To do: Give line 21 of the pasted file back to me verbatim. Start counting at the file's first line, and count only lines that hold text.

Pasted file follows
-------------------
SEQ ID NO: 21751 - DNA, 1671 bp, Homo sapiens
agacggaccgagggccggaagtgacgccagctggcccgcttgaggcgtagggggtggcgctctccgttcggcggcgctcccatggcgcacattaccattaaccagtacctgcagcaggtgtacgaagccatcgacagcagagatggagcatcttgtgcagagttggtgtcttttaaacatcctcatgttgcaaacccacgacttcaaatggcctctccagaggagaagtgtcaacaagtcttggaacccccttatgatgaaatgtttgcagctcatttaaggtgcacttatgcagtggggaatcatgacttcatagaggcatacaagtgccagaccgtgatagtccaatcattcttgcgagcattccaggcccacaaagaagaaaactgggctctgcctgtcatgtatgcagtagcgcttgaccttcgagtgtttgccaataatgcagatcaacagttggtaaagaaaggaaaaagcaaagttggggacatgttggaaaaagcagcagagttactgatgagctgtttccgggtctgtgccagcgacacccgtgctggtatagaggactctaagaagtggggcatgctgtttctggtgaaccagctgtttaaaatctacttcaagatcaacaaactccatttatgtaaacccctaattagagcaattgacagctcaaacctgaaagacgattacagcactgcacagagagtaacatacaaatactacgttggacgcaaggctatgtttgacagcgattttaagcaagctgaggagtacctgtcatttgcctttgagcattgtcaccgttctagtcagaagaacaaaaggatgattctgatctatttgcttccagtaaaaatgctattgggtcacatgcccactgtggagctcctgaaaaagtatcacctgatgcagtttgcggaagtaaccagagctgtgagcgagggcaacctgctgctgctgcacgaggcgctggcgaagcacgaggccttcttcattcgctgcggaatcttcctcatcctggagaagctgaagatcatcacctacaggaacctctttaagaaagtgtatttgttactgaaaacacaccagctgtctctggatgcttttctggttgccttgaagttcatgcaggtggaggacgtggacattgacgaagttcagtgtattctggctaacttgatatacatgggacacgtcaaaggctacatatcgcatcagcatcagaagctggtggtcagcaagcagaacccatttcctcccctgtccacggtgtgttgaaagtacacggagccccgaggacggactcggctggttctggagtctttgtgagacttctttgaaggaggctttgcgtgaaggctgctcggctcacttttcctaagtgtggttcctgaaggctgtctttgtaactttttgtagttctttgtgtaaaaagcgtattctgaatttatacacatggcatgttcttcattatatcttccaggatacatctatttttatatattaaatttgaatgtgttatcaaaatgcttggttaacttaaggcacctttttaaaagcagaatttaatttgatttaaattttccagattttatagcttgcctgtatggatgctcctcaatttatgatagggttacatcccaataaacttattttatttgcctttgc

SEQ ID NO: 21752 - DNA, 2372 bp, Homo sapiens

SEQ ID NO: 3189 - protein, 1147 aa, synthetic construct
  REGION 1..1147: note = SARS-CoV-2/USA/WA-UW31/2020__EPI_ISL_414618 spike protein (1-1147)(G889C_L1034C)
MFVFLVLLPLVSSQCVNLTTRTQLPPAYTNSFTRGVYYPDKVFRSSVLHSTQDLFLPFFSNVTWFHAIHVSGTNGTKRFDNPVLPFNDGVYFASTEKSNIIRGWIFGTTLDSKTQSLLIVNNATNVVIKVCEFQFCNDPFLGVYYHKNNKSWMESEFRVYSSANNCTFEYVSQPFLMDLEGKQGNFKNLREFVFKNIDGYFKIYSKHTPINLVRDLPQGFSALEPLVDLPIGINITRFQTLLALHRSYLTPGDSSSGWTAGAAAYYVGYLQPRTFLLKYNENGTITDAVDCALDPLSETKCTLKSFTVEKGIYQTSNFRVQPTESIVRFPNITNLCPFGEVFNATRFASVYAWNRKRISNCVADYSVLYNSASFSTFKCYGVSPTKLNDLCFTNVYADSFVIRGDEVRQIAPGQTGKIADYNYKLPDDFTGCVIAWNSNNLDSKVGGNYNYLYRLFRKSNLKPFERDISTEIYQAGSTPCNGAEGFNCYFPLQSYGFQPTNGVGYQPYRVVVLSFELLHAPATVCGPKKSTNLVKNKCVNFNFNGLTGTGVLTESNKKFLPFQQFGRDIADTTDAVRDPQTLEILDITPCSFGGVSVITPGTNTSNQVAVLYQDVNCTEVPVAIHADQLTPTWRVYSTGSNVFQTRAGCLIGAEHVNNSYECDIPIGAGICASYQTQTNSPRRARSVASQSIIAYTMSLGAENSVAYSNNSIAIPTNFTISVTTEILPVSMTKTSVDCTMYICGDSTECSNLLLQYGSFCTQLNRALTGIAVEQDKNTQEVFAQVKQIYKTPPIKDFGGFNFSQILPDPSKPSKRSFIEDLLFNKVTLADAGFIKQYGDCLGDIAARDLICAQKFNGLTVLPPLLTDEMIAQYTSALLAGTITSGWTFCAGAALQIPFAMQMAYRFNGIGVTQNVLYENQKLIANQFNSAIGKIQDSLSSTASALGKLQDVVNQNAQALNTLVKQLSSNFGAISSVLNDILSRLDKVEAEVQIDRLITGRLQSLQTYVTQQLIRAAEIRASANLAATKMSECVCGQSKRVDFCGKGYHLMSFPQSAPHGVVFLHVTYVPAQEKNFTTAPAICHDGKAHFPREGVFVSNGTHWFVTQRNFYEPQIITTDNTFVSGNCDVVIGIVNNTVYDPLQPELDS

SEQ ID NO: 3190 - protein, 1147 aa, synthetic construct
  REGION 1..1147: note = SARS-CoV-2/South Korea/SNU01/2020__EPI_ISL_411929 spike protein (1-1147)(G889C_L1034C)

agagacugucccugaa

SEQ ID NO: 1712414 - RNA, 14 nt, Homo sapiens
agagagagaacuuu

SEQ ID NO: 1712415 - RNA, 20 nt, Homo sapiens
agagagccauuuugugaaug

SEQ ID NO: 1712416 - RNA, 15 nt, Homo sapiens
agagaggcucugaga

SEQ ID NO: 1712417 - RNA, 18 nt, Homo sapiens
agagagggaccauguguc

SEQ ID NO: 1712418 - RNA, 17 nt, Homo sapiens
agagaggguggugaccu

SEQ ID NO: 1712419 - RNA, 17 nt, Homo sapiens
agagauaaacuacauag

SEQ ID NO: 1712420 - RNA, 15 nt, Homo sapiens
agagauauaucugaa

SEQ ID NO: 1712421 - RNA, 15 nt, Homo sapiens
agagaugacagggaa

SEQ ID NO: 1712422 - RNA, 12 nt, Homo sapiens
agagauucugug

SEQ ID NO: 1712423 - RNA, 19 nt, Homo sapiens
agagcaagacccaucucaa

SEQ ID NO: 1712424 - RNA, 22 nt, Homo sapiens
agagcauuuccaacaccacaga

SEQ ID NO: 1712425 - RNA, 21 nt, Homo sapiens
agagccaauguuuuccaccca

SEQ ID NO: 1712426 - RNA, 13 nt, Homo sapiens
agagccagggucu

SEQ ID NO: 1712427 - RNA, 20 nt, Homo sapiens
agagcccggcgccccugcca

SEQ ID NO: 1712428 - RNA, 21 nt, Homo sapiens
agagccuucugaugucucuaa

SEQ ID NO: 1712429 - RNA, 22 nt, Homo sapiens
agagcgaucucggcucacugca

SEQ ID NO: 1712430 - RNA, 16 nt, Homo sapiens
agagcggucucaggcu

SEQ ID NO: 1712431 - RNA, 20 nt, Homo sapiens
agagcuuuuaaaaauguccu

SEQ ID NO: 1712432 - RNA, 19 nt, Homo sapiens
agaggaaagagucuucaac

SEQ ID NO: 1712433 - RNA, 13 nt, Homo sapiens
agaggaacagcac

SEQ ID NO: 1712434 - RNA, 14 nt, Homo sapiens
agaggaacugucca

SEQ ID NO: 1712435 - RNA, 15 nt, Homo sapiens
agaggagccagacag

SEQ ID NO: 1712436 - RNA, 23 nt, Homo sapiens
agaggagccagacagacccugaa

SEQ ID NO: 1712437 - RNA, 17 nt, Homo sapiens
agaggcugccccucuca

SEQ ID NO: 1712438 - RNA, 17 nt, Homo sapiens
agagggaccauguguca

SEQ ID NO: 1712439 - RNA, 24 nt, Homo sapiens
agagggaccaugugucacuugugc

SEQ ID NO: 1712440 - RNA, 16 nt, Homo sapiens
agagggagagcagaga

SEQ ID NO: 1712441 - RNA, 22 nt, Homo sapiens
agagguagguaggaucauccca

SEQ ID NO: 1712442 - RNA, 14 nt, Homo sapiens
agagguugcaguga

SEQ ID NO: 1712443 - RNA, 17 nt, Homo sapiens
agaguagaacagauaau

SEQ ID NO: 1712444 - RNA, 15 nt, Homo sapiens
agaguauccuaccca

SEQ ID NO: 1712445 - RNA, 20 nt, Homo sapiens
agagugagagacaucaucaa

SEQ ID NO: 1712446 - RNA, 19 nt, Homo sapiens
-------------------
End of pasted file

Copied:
agagauaaacuacauag